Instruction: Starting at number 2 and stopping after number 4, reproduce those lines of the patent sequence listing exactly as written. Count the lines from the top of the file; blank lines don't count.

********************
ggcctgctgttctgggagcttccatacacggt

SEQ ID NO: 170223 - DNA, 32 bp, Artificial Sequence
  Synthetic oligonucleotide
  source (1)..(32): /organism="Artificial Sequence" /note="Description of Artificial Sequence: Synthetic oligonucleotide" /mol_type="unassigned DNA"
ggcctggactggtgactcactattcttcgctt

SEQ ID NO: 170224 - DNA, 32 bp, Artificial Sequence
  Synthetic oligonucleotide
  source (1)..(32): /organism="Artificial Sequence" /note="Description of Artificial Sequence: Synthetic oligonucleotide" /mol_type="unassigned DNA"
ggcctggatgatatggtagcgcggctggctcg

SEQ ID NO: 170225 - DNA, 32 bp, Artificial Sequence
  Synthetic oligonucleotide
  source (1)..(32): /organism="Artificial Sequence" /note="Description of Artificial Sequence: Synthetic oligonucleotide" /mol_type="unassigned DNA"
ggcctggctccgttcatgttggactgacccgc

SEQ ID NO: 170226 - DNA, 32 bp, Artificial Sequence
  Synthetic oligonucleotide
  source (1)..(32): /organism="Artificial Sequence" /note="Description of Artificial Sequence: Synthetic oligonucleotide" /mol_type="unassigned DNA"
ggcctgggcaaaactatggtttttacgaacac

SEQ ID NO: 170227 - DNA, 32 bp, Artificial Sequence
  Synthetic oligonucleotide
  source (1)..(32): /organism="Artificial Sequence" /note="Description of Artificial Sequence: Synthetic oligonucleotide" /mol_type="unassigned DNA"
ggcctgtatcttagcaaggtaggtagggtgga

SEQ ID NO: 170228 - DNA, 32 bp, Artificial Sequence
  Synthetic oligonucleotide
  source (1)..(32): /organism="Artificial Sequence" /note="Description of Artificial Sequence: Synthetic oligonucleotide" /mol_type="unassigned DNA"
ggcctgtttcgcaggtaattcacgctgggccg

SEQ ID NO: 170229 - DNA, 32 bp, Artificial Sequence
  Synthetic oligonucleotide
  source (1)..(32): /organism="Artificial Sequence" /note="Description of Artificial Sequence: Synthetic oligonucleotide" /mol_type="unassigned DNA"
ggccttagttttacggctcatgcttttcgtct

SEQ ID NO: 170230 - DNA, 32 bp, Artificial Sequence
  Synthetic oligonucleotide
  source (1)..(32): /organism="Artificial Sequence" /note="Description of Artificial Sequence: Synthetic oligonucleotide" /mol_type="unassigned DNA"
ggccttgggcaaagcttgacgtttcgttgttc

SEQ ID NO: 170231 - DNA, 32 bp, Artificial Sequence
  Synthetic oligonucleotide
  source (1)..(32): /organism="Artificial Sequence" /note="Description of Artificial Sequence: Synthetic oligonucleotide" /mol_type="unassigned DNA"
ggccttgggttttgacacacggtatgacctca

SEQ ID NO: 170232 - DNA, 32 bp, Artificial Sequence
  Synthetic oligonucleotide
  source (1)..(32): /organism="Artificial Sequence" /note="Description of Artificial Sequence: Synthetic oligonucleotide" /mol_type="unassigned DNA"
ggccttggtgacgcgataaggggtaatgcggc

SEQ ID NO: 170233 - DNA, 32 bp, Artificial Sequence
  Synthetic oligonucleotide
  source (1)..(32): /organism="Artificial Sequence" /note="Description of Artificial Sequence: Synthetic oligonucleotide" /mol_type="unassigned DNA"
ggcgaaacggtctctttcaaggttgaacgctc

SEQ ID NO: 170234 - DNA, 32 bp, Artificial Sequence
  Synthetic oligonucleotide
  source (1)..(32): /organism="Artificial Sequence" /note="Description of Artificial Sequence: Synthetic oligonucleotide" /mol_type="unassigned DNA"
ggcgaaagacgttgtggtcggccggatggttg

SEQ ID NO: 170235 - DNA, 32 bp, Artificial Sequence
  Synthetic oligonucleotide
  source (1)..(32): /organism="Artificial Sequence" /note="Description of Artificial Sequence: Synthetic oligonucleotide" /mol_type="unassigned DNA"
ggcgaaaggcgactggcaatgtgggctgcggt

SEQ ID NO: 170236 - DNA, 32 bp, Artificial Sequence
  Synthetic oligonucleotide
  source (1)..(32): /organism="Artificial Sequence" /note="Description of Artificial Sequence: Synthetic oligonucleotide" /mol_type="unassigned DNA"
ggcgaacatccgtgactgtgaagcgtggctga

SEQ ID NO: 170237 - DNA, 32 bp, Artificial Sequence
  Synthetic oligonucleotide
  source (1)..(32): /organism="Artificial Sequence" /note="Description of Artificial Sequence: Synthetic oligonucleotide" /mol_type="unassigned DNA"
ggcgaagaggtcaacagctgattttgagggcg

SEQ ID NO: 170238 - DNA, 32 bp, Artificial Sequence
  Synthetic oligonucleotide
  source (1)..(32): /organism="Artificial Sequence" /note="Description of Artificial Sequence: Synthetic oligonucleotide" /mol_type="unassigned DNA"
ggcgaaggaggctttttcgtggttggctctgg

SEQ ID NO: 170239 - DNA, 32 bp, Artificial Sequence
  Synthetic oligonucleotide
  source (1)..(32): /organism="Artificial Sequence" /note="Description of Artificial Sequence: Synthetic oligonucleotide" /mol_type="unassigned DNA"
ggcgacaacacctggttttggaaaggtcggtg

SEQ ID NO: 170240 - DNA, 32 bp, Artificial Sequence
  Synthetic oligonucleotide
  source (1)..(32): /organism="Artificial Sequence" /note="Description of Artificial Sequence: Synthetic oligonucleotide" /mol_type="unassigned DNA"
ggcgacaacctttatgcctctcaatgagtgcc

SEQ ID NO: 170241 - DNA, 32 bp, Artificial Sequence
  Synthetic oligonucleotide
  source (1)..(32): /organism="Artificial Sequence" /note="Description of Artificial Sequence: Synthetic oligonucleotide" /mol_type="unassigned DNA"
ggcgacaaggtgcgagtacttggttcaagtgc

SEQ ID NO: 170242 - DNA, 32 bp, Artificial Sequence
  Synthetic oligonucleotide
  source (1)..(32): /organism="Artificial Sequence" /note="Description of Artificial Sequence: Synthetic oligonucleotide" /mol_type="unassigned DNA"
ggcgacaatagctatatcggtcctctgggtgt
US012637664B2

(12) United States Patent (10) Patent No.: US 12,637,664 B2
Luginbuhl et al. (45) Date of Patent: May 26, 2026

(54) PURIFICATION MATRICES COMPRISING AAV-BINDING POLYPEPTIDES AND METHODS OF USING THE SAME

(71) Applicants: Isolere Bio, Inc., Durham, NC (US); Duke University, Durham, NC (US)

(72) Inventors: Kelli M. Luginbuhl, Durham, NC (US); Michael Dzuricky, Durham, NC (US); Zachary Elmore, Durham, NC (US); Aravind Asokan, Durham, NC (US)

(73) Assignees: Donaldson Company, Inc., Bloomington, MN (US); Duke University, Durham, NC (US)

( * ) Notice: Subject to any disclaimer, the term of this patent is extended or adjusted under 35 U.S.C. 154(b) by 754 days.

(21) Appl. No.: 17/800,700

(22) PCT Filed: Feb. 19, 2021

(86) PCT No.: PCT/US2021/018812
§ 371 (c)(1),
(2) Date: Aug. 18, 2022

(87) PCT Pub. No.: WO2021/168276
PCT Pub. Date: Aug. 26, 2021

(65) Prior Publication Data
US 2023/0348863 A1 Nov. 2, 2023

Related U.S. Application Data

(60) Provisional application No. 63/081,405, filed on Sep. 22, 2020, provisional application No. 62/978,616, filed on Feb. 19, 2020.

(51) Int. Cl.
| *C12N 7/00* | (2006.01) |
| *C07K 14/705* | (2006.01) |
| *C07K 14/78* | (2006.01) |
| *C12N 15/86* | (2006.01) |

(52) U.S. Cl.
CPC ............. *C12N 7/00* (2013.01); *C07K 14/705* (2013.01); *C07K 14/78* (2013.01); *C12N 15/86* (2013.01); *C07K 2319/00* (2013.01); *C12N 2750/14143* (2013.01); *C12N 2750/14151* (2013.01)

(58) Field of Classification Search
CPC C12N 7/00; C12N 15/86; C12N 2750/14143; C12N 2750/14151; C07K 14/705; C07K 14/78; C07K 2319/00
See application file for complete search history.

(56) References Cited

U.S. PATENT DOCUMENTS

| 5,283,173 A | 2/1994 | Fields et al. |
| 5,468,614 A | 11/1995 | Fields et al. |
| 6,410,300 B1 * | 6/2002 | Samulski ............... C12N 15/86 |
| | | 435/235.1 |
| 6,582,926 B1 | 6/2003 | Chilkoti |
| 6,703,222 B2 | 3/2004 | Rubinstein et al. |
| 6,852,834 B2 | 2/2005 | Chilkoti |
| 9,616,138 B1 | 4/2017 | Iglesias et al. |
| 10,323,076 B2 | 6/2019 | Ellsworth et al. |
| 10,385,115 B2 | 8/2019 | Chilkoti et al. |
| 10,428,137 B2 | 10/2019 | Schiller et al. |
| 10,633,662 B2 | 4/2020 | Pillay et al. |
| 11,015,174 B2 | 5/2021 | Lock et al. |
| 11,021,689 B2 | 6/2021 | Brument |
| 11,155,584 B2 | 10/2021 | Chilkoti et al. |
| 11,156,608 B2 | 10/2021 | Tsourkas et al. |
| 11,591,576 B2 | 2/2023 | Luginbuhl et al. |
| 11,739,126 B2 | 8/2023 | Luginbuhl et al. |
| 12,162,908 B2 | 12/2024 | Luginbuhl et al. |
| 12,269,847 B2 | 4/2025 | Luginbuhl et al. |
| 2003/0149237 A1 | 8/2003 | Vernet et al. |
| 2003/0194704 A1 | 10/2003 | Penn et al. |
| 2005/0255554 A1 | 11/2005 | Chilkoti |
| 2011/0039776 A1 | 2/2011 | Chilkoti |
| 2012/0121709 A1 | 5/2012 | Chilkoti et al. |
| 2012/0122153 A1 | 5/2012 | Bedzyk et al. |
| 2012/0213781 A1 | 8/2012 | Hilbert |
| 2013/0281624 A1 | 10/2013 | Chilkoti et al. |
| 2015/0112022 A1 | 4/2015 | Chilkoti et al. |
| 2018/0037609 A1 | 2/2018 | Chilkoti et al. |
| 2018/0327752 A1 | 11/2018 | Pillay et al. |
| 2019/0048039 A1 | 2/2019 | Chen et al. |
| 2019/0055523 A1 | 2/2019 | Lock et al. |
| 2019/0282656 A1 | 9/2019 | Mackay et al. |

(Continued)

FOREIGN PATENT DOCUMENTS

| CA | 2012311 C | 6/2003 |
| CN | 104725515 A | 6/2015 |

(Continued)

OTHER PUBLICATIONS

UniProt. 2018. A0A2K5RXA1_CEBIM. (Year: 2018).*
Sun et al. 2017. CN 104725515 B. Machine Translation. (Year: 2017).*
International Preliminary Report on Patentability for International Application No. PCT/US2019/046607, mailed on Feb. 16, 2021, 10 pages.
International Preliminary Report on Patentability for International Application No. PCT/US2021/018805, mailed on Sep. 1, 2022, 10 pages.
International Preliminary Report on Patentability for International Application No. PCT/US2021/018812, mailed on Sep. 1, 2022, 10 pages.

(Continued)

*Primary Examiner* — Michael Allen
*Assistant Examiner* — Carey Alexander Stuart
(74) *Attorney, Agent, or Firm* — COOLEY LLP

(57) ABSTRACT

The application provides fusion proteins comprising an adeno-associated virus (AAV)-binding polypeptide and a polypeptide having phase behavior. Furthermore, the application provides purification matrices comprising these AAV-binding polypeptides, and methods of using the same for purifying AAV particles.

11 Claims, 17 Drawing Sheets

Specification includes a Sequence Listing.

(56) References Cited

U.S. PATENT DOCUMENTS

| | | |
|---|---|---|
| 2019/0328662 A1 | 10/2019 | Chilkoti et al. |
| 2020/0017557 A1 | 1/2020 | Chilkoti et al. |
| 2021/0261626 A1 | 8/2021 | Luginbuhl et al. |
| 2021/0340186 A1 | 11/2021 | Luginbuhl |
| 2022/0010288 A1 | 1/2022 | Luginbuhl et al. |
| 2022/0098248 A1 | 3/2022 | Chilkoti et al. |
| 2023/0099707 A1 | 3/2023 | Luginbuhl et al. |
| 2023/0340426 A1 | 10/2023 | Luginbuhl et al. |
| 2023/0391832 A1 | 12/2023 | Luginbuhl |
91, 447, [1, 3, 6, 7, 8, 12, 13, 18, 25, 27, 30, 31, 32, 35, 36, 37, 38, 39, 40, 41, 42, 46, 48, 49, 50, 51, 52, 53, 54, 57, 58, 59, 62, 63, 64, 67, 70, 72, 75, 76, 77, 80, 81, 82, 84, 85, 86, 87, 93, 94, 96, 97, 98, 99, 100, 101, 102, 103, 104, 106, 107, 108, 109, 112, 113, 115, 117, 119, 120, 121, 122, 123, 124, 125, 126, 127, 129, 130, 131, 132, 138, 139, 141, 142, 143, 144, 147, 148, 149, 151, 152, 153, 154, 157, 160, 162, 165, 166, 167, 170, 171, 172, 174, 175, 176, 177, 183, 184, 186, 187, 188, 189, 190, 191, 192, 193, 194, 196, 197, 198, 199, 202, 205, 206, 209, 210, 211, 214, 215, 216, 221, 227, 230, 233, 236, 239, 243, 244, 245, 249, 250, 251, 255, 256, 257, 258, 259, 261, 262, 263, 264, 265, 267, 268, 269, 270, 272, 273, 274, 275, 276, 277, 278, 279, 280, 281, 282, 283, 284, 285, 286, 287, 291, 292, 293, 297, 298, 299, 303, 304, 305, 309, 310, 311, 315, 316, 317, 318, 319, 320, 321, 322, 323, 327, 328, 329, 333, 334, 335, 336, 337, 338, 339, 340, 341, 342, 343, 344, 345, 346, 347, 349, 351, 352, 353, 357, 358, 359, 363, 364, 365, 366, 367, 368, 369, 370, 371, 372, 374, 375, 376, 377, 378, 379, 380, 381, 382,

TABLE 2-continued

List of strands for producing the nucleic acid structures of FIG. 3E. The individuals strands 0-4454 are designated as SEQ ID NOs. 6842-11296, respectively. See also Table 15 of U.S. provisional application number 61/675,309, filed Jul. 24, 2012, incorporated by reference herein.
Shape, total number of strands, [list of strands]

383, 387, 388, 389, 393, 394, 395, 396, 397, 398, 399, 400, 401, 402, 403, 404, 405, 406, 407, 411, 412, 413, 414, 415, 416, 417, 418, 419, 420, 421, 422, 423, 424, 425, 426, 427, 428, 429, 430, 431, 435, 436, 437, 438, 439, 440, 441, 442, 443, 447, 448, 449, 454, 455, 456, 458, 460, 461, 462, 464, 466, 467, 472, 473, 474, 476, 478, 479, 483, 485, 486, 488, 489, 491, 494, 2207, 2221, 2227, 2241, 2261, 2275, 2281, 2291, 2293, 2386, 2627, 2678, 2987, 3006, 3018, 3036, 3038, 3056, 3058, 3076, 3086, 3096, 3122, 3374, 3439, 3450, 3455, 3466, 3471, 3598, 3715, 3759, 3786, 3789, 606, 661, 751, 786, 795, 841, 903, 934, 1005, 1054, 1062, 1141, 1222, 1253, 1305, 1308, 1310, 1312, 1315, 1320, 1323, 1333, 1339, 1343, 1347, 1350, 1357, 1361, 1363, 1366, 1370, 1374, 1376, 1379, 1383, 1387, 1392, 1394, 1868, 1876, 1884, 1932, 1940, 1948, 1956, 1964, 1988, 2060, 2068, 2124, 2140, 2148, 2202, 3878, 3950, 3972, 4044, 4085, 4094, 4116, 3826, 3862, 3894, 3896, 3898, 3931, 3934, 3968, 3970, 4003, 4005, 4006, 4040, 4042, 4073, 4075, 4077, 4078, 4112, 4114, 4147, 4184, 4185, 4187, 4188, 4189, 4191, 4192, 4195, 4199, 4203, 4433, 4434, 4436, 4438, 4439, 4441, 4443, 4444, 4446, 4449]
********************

SEQ ID NO: 170223 - DNA, 32 bp, Artificial Sequence
  Synthetic oligonucleotide
  source (1)..(32): /organism="Artificial Sequence" /note="Description of Artificial Sequence: Synthetic oligonucleotide" /mol_type="unassigned DNA"